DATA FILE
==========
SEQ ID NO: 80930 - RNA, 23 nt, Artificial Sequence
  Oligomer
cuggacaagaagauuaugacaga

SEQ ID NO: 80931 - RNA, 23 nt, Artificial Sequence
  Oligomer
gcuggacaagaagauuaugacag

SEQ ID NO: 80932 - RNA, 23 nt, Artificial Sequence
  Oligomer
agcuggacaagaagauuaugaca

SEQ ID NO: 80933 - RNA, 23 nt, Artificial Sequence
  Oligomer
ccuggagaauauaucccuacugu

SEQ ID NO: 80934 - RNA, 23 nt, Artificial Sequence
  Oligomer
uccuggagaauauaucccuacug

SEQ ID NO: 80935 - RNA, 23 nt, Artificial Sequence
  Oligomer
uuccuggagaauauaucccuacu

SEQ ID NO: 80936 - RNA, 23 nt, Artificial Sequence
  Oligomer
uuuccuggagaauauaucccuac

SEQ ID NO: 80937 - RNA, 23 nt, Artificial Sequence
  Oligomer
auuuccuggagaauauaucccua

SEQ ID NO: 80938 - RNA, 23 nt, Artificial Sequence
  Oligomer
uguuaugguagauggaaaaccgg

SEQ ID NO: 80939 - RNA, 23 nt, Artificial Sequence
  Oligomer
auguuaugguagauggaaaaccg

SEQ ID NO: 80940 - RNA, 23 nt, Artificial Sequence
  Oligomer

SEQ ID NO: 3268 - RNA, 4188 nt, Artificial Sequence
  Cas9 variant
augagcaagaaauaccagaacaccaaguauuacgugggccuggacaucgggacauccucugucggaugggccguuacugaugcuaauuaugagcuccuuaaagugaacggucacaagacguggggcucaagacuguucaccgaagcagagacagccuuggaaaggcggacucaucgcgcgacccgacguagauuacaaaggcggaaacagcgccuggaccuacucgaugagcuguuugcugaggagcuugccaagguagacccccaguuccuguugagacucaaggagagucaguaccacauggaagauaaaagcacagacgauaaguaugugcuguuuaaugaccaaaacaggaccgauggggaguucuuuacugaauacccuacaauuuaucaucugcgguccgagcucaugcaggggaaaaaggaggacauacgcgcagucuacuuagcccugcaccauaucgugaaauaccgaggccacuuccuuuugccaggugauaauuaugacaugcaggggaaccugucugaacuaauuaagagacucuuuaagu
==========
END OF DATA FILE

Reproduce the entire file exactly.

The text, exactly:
SEQ ID NO: 80930 - RNA, 23 nt, Artificial Sequence
  Oligomer
cuggacaagaagauuaugacaga

SEQ ID NO: 80931 - RNA, 23 nt, Artificial Sequence
  Oligomer
gcuggacaagaagauuaugacag

SEQ ID NO: 80932 - RNA, 23 nt, Artificial Sequence
  Oligomer
agcuggacaagaagauuaugaca

SEQ ID NO: 80933 - RNA, 23 nt, Artificial Sequence
  Oligomer
ccuggagaauauaucccuacugu

SEQ ID NO: 80934 - RNA, 23 nt, Artificial Sequence
  Oligomer
uccuggagaauauaucccuacug

SEQ ID NO: 80935 - RNA, 23 nt, Artificial Sequence
  Oligomer
uuccuggagaauauaucccuacu

SEQ ID NO: 80936 - RNA, 23 nt, Artificial Sequence
  Oligomer
uuuccuggagaauauaucccuac

SEQ ID NO: 80937 - RNA, 23 nt, Artificial Sequence
  Oligomer
auuuccuggagaauauaucccua

SEQ ID NO: 80938 - RNA, 23 nt, Artificial Sequence
  Oligomer
uguuaugguagauggaaaaccgg

SEQ ID NO: 80939 - RNA, 23 nt, Artificial Sequence
  Oligomer
auguuaugguagauggaaaaccg

SEQ ID NO: 80940 - RNA, 23 nt, Artificial Sequence
  Oligomer

SEQ ID NO: 3268 - RNA, 4188 nt, Artificial Sequence
  Cas9 variant
augagcaagaaauaccagaacaccaaguauuacgugggccuggacaucgggacauccucugucggaugggccguuacugaugcuaauuaugagcuccuuaaagugaacggucacaagacguggggcucaagacuguucaccgaagcagagacagccuuggaaaggcggacucaucgcgcgacccgacguagauuacaaaggcggaaacagcgccuggaccuacucgaugagcuguuugcugaggagcuugccaagguagacccccaguuccuguugagacucaaggagagucaguaccacauggaagauaaaagcacagacgauaaguaugugcuguuuaaugaccaaaacaggaccgauggggaguucuuuacugaauacccuacaauuuaucaucugcgguccgagcucaugcaggggaaaaaggaggacauacgcgcagucuacuuagcccugcaccauaucgugaaauaccgaggccacuuccuuuugccaggugauaauuaugacaugcaggggaaccugucugaacuaauuaagagacucuuuaagu